Certainly the weekend’s activities demonstrate one thing about Musk: he is fully grounded. He understands that SpaceX needs to get realistic in its endeavors, and completion of rockets for near-term use (and potential sale to governments and others) is one of many ways they can do so. As for SpaceX engineers, this was likely not the first or last time they’ll be putting in long weekend hours in pursuit of a noble dream.


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Author: P.H. Madore 
Image Credit: Featured Image from Shutterstock. Charts from Tradingview.

Brit Rail Passengers Earning Crypto Whilst They Travel With New DOVU Project

DOVU, a London-based startup aiming to become the “the global marketplace for transport data,” is to incorporate cryptocurrency earning as part of its latest project.

The company has always had strong support since its launch two years ago backed by seed funding from InMotion Ventures, Jaguar Land Rover’s investment arm, and Creative England — a fund backed by the government. DOVU is a blockchain powered reward platform that lets users earn tokens for sharing data or changing the way they travel, then spend them on mobility-related products or services.

Irfon Watkins, company founder wants to incorporate blockchain solutions and data tokenization within its marketplace for transport data, alongside working with other companies such as vehicle hire, insurance companies, and ridesharing operations in order to create a network of pooled data.

As part of the new project, DOVU plans to work with the London FTSE 250 listed rail service provider Go-Ahead. The company currently provides bus and rail services to more than a billion passengers a year within the UK.

The startup will now begin work with the rail company to improve the experience for their rail customers. Go-Ahead will benefit from DOVU’s blockchain-powered reward platform by gaining more knowledge about passenger behaviour. The first arena for the new project will be Go-Ahead’s Thameslink and Southern Rail services.

Now participating travellers will be able to earn crypto as they travel by sharing such data with the company as a type of loyalty reward for using the service.


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Author: Harold Vandelay
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Will Ethereum Adopt ‘ProgPoW,’ the ASIC-Resistant Mining Algorithm?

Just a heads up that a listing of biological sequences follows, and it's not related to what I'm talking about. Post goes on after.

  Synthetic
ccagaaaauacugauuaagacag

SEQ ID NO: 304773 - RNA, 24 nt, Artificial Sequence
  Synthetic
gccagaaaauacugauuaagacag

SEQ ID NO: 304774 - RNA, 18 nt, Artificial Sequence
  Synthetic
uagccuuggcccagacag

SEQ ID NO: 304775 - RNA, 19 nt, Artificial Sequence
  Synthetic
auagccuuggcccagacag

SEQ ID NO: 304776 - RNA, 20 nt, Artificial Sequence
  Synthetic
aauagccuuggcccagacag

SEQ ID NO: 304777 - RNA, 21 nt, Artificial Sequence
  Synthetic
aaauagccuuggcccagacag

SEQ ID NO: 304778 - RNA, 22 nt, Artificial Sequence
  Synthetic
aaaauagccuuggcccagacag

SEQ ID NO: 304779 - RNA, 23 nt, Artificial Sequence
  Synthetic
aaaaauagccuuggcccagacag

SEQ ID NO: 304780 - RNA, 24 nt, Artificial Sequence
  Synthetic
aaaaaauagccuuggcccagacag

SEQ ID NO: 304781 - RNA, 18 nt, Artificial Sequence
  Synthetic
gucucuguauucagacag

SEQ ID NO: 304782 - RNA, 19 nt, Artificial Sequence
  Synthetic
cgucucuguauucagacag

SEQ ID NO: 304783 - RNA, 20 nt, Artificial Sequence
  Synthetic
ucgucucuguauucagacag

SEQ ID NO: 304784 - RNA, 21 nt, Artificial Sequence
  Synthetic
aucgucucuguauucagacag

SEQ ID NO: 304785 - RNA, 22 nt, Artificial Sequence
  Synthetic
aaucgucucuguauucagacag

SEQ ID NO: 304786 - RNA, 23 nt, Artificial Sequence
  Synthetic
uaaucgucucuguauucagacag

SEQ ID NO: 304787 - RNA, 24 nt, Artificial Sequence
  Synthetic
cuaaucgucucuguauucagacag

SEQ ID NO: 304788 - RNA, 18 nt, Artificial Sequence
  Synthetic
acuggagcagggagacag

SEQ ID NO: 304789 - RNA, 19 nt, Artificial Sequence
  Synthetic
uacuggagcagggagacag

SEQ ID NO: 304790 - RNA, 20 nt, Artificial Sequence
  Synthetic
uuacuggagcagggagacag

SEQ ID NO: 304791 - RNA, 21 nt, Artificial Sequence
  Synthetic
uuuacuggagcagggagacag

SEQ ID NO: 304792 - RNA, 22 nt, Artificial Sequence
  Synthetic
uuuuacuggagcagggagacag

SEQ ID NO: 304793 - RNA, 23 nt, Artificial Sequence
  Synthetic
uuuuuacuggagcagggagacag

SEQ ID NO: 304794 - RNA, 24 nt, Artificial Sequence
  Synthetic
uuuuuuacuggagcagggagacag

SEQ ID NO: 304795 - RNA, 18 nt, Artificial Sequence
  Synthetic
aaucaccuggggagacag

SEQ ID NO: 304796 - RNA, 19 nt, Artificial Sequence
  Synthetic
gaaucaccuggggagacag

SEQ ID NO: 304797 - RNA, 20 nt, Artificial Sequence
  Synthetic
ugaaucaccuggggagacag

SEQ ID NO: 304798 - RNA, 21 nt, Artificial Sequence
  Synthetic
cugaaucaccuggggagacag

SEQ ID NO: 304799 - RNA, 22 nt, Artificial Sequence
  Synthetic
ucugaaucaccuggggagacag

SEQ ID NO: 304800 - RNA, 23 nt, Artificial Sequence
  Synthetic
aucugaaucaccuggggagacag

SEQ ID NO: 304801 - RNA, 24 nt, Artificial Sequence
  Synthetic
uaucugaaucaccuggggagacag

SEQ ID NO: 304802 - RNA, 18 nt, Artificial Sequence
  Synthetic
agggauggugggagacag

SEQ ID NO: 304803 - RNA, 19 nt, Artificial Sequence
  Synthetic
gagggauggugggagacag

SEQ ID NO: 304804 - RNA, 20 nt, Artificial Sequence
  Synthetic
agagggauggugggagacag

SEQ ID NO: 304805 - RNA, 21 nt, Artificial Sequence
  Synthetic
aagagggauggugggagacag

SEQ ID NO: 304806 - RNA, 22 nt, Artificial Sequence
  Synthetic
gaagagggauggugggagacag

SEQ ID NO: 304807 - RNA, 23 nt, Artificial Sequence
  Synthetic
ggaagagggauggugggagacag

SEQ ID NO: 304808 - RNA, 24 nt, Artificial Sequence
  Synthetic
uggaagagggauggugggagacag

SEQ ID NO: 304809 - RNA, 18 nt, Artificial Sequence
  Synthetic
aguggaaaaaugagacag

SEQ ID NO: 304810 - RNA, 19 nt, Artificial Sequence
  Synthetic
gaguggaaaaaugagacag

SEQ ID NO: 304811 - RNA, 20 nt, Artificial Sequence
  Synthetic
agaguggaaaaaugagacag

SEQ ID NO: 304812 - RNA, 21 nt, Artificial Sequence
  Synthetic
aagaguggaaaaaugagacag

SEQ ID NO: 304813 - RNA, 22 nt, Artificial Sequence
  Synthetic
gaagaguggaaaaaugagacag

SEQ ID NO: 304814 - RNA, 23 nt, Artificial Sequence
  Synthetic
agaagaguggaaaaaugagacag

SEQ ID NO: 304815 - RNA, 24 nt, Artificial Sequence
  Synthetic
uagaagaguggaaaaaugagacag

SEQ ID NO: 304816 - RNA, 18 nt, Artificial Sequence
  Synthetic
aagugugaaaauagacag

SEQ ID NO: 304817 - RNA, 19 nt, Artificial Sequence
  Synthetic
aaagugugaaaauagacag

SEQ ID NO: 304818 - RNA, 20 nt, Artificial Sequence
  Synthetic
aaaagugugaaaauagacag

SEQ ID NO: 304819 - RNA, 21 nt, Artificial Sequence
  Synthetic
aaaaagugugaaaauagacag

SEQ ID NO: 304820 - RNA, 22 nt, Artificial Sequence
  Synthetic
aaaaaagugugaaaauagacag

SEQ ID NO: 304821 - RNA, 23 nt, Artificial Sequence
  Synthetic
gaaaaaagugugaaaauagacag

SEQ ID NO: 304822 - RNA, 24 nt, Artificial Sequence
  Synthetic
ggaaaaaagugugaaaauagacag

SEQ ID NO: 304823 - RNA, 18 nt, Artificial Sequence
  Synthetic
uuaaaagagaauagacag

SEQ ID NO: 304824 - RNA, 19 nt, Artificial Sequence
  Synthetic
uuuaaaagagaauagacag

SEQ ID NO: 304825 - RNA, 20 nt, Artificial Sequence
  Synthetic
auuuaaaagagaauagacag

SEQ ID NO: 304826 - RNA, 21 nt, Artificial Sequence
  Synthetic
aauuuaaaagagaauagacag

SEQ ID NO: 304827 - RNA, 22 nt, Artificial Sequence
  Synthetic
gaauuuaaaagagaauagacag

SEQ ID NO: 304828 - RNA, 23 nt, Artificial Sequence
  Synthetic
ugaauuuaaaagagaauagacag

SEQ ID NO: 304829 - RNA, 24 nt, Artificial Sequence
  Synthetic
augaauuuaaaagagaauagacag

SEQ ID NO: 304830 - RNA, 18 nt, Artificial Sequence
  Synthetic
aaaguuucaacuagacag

After Ethereum core developers expressed broad support in January for ProgPoW—an ASIC resistant upgrade to the Ethereumnetwork—the Ethereum community raised concerns that the highly anticipated patch may cause the same problem it was intended to solve. Now the future of ProgPoW is in question.

ProgPoW is short for Programmatic Proof of Work. The proposed upgrade would extend Ethereum’s existing Proof of Work algorithm, slightly altering the structure of math problems that mining nodes are tasked with solving. The change is meant to substantially improve the odds for GPU miners over ASIC miners.

Ethereum’s Pledge of ASIC Resistance

ASIC is short for “application specific integrated circuit.” In the context of Ethereum, it’s a highly specialized computer designed to be mass produced for the sole purpose of mining Ethereum. However, this issue existed before Ethereum. The original Ethereum white paper called attention to the proliferation of ASICs in Bitcoin mining. Seen as a cause behind the centralization of the Bitcoin network, the Ethereum white paper set an intention to avoid the same fate:

“This means that Bitcoin mining is no longer a highly decentralized and egalitarian pursuit, requiring millions of dollars of capital to effectively participate in.”

ASICs built for Ethereum have anywhere from a two to four-fold advantage over GPUminers. Multiple Ethereum ASICs hit the market last year with the Antminer E3 from mining hardware giant Bitmain at the high end of the performance scale. The ProgPoW update is engineered specifically to slightly alter the problem that miners are asked to solve in a way that will reduce or eliminate the advantage ASICs have over GPU miners.

Why Ethereum Prefers GPU Mining

The Ethereum community generally agrees in ASIC resistance, believing that GPUmining leads to a more distributed network and that the more distributed the network is, the better. While the mass manufacturing of ASIC miners provides a cost-saving advantage per hash, these miners are generally purchased in large quantities for mass-scale mining operations that consolidate ownership of the network. In addition to centralizing the network, the homogeneity resulting from running all of the same mininghardware at scale leaves the network at risk when a security vulnerability is discovered in a popular line of ASICs.

Alternatively, GPU miners are generally custom-built entirely from personal computing hardware already available in the consumer market. These machines use computer chip architecture common in deep learning and animation rendering that combines a series of 3D video cards with high-end GPU chipsets in a single machine.

The high level of accessibility of the hardware required to build these machines creates an opportunity for more people to participate and a more distributed network. As the markets change for 3D video cards, new mining machines use different combinations of hardware from different manufacturers in an attempt to fine-tune a better machine. The multi-purpose nature of the hardware also means that if markets change and miningbecomes less profitable, GPUs can be removed from the network and used in other ways. Meanwhile, ASICs serve no other purpose when they are no longer profitable to run.

The ProgPoW Debate

At the Jan. 4th core developers meeting, progress on ProgPoW was reportedly on track and running on the Gangnam test network. Since then, the Ethereum community is reporting that the ProgPoW update may lead to more centralization of the network, rather than less.